Hobo Day is coming, and the parade through town is always a treat.
It marks the end of our long summer of community parades at White, Elkton, Bruce, Brookings, Flandreau, Arlington and points beyond.
All have a few rattling old cars, hopeful politicians, shrieking fire trucks, an antique tractor or two and a gaggle of fine horses.
None have cows, which in this area of the country is surprising.
We’re dairy cow country out here, and over the past couple of decades with state officials actively seeking large dairies here and abroad with the investment/visa EB-5 program helping out, the eastern tier of South Dakota counties are now dotted with large dairies.
Brookings County is home to more than 15,000 dairy cows, with more soon on the way, I suspect. There are nearly 100,000 dairy cows in our state, mostly in this eastern tier.
But what species is prancing along smartly in our parades?
I guess there’s nothing wrong with that, but horses are mostly for hobby, not for work. The star worker out here is the plodding, sad eyed, laid-back dairy cow. She deserves a spot in our parades, don’t you think? After all, she works for us day and night, churning out new wealth and good health to beat the bank.
High on South Dakota’s Dairy Cow Hall of Fame is College Belle Wayne No. 98,497, who was born at SDSU on July 3, 1906, and died in the fall of 1924. She’s buried somewhere up there on the hill.
She made her mark in 1912 by producing 3,338 pounds of milk in 30 days. That’s about 388 gallons of milk, give or take a few swigs.
South Dakota dairy cows aren’t exactly your great grandfather’s Model T Fords. They’re world class Cadillac creatures, if you ask me.
You probably don’t remember the 1980s racehorse Swale. Well-coiffed national TV newscasters nearly had apoplexy over Swale’s demise in 1984. For days and days, it was the top news story in the world.
Swale was an athletic 3-year-old. He’d won only nine races in his entire life. Meanwhile College Belle Wayne and then her cousins out here on the flatlands continued through the years to work 24-7 without so much as a Sunday off and no mention on television.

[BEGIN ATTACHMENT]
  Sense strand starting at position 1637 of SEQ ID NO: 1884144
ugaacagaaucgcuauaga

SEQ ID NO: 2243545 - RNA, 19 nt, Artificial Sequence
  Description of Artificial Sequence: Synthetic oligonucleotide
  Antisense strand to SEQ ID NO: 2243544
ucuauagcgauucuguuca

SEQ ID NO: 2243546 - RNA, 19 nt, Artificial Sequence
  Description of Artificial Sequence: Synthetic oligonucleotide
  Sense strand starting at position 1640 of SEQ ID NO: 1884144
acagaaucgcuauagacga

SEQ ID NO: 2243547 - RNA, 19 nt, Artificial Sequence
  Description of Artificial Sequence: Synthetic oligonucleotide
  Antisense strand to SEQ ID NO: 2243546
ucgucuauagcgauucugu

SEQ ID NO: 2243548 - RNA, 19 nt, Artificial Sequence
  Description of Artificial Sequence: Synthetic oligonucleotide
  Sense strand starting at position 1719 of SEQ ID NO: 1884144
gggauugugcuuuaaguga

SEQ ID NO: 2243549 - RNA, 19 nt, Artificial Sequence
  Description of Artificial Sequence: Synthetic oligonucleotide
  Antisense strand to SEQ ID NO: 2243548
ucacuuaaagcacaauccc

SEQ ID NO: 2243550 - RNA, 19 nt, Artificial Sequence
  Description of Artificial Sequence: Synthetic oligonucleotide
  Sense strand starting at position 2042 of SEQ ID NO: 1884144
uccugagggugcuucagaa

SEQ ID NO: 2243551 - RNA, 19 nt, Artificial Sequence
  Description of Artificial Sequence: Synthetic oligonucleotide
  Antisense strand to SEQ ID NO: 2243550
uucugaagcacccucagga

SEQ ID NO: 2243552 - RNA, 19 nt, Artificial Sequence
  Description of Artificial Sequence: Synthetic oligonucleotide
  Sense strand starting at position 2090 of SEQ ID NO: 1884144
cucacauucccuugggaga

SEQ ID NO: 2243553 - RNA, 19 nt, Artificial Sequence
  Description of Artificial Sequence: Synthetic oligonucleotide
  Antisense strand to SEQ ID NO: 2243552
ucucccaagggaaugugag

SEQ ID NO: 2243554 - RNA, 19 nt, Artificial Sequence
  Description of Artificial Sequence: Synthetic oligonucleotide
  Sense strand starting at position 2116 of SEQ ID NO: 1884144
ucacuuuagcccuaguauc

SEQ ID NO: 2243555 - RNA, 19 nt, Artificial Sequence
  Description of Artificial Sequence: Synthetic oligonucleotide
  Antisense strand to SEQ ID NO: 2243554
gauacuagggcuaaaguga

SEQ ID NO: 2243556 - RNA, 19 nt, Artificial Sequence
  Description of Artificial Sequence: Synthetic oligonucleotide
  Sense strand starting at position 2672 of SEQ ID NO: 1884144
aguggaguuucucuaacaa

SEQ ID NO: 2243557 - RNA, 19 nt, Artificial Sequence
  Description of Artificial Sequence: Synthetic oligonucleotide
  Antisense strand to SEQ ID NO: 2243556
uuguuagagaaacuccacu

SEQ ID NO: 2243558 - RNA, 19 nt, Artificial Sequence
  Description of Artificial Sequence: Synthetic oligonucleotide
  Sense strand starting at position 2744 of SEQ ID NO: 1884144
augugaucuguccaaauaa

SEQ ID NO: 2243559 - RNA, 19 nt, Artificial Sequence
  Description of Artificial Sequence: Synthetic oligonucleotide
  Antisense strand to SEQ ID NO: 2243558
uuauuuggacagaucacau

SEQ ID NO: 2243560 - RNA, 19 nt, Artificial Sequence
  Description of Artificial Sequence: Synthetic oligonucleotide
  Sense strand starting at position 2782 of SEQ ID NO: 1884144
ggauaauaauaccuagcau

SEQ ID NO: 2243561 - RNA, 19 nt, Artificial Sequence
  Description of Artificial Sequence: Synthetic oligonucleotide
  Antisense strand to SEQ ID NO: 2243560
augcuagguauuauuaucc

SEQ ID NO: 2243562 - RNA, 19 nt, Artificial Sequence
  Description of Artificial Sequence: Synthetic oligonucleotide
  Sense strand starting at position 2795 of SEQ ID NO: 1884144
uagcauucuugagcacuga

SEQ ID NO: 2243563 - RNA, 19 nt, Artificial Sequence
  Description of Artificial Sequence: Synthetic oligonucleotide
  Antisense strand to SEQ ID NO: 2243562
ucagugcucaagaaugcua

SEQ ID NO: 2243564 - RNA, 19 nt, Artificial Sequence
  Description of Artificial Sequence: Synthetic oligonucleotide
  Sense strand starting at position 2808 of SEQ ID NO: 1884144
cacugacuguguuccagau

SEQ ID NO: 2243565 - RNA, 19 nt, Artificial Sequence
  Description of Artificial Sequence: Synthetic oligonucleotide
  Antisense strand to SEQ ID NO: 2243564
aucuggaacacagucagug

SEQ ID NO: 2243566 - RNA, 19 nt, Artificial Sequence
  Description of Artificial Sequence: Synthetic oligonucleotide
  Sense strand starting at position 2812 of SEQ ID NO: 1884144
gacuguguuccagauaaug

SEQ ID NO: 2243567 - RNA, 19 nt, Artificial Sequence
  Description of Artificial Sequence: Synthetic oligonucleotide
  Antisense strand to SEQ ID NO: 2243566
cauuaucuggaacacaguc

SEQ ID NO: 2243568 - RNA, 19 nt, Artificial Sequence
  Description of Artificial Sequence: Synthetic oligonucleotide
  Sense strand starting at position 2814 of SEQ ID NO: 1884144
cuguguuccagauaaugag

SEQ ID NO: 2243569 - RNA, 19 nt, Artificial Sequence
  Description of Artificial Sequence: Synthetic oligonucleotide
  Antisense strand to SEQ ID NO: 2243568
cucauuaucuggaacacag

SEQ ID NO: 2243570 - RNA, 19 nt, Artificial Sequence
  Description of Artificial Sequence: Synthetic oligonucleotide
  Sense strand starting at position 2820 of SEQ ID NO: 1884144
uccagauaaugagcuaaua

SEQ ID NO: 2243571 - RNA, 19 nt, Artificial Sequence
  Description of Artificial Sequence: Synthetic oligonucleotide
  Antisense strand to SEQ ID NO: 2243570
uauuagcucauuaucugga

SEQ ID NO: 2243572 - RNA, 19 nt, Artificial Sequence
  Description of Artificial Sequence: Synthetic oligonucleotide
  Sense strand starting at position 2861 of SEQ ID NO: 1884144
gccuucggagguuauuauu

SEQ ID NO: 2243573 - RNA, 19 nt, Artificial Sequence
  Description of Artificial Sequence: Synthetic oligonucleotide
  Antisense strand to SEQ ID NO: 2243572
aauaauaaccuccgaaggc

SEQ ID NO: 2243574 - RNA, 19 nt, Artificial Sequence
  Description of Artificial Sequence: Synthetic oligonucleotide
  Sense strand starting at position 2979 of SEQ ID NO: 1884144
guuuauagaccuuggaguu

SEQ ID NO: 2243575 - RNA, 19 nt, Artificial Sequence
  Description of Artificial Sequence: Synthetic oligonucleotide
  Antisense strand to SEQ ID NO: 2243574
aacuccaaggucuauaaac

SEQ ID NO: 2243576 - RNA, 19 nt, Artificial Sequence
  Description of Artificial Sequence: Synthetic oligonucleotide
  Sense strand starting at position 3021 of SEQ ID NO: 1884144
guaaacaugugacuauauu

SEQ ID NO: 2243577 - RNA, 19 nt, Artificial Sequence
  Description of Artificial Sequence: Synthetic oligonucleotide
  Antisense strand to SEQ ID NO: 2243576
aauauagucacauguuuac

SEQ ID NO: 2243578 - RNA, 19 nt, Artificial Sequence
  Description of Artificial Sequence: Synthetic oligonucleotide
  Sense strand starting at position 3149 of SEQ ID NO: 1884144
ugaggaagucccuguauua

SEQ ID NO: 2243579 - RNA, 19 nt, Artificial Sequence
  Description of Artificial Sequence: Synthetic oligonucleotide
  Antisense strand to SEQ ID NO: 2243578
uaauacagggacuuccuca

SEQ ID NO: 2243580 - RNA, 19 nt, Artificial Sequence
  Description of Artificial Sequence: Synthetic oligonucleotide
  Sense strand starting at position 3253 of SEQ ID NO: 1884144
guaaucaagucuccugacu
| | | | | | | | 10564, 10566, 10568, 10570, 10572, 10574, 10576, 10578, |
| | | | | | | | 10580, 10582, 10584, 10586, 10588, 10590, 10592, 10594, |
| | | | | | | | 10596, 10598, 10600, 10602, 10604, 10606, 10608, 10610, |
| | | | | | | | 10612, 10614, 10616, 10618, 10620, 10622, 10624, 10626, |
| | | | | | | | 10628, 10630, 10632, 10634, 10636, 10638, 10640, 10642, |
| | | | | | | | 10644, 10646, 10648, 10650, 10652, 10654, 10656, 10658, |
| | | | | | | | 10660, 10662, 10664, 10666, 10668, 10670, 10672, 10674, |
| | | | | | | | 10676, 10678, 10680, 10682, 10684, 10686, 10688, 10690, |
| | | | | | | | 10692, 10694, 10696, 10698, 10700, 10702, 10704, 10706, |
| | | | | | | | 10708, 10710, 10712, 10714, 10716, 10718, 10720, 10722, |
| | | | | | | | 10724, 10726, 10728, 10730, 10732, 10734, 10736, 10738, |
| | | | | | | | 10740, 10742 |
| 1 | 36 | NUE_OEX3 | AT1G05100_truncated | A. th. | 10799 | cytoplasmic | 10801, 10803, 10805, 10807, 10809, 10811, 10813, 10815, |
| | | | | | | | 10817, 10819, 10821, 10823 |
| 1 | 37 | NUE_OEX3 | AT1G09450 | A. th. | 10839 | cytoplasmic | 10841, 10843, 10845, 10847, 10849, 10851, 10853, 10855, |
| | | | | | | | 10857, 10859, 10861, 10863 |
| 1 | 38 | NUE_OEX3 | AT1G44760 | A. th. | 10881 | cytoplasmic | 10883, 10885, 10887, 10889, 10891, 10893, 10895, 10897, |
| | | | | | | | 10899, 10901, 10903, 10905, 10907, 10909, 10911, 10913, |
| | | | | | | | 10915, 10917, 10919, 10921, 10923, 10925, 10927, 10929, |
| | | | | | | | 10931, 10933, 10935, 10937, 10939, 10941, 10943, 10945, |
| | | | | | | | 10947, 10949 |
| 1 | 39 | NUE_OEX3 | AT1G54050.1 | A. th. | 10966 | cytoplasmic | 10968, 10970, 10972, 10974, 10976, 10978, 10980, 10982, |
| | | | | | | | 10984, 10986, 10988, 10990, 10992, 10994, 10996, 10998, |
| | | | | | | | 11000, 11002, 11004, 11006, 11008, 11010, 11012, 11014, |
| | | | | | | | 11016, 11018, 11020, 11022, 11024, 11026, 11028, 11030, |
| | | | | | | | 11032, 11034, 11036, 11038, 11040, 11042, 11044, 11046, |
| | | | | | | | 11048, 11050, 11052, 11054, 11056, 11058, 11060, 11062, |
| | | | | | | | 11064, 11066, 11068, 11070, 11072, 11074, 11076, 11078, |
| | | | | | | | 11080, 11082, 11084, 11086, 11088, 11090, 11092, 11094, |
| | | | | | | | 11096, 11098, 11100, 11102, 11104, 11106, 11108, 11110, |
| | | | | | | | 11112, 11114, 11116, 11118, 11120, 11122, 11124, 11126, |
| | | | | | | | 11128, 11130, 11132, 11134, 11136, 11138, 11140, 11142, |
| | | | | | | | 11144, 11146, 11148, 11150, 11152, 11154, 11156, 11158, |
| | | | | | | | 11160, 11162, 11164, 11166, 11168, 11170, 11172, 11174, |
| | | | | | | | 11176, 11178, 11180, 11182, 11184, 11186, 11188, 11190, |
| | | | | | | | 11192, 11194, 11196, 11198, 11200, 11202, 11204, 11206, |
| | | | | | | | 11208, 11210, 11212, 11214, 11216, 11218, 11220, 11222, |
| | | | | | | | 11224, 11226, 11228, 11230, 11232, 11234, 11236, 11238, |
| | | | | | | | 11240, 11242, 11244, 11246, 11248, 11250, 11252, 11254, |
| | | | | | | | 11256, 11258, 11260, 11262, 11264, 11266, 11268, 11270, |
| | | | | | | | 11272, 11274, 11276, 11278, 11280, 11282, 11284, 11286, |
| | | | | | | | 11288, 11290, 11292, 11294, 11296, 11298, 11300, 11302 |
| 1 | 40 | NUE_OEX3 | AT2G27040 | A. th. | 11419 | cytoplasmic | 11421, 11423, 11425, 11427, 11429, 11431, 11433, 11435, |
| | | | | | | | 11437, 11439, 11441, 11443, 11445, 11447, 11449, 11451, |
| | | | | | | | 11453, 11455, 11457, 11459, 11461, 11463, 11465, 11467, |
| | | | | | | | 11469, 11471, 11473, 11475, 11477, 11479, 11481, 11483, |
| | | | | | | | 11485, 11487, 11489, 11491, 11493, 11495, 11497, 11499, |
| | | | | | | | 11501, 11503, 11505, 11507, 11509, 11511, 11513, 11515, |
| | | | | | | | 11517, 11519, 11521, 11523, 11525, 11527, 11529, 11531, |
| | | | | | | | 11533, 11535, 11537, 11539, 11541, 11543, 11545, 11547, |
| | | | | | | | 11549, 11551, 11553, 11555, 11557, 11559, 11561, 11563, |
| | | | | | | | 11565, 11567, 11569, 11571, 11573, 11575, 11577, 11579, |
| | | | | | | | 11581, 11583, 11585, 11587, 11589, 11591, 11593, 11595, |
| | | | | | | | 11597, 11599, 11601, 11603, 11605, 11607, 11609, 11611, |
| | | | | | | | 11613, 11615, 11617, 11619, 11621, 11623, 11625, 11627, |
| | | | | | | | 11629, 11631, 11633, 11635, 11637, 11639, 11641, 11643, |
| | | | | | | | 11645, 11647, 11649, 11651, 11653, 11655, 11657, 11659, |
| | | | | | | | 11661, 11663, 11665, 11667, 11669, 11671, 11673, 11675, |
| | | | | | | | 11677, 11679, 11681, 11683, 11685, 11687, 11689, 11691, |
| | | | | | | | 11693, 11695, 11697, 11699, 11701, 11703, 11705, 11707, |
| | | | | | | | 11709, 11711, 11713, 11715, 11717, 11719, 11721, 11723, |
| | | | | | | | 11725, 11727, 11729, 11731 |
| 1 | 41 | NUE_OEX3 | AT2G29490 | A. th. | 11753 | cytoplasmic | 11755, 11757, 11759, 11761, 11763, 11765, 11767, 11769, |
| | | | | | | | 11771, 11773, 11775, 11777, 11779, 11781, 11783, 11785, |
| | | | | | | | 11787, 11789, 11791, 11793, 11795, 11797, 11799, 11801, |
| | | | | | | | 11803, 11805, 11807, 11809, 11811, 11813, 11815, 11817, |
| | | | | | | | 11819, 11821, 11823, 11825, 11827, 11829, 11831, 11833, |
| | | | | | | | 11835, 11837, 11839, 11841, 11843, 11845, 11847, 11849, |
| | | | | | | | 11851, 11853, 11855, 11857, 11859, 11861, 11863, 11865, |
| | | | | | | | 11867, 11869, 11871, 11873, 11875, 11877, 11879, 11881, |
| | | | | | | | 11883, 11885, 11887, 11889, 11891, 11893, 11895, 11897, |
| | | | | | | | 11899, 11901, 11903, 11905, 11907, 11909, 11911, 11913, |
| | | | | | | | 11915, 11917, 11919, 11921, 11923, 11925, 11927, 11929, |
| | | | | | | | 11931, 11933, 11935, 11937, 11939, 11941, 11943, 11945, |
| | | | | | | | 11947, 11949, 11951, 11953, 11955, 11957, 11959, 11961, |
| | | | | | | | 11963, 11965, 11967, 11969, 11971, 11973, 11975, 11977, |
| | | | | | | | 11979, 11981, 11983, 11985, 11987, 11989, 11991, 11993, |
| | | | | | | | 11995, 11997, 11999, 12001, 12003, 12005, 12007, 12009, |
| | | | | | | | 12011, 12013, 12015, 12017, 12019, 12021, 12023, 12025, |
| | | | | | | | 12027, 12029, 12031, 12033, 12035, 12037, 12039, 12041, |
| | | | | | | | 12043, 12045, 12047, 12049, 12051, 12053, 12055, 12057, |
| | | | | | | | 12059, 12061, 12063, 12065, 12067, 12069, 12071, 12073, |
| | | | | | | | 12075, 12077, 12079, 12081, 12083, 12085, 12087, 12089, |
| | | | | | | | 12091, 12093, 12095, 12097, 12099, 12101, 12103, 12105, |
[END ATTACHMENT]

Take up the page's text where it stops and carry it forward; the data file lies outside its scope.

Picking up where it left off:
Swale was just a fast and pampered horse. True, his owner pocketed about $1.5 million because he could run. But really, what did Swale contribute to society?
Cows lack the glamorous image horses enjoy.
If General Custer had ridden to the Little Big Horn on a Holstein, he may have lived longer and would have had better teeth. Cows would have gained historic notoriety and passed along a more attractive image to TV newscasters.
I’m a city guy and know absolutely nothing about cows.
But I have a soft spot in my heart for those ordinary, insipid, boring, big-boned bovines with slobbery nostrils constantly caressed by long, prehensile tongues. They have a real talent for making milk.
Are your bones stronger and are you healthier because of a horse? No. Give credit to our slow-poke cows, who are whiling away time on a big dairy near you, dutifully taking their social place in line for the welcoming twice-a-day ride on the milking carousel.
Just imagine how remarkable it is for them to transform a front-end loader of smelly silage and a few gallons of stock tank water into what you put on your cereal this morning.
I’m reminded of an old cow that belonged to a neighbor of ours. A spring blizzard was coming, so the neighbor hiked out to herd his cows to the barn as the wet snow fell.
Visibility dropped to zero, so our neighbor grabbed the tail of one of the cows and was led by that cow to the safety of the barn. On the way, the tail froze straight out behind that cow, and when it turned around in the barn, the frozen tail hit a post and most of it clinked to the floor.
Which just proves that cows work their tails off for us all.
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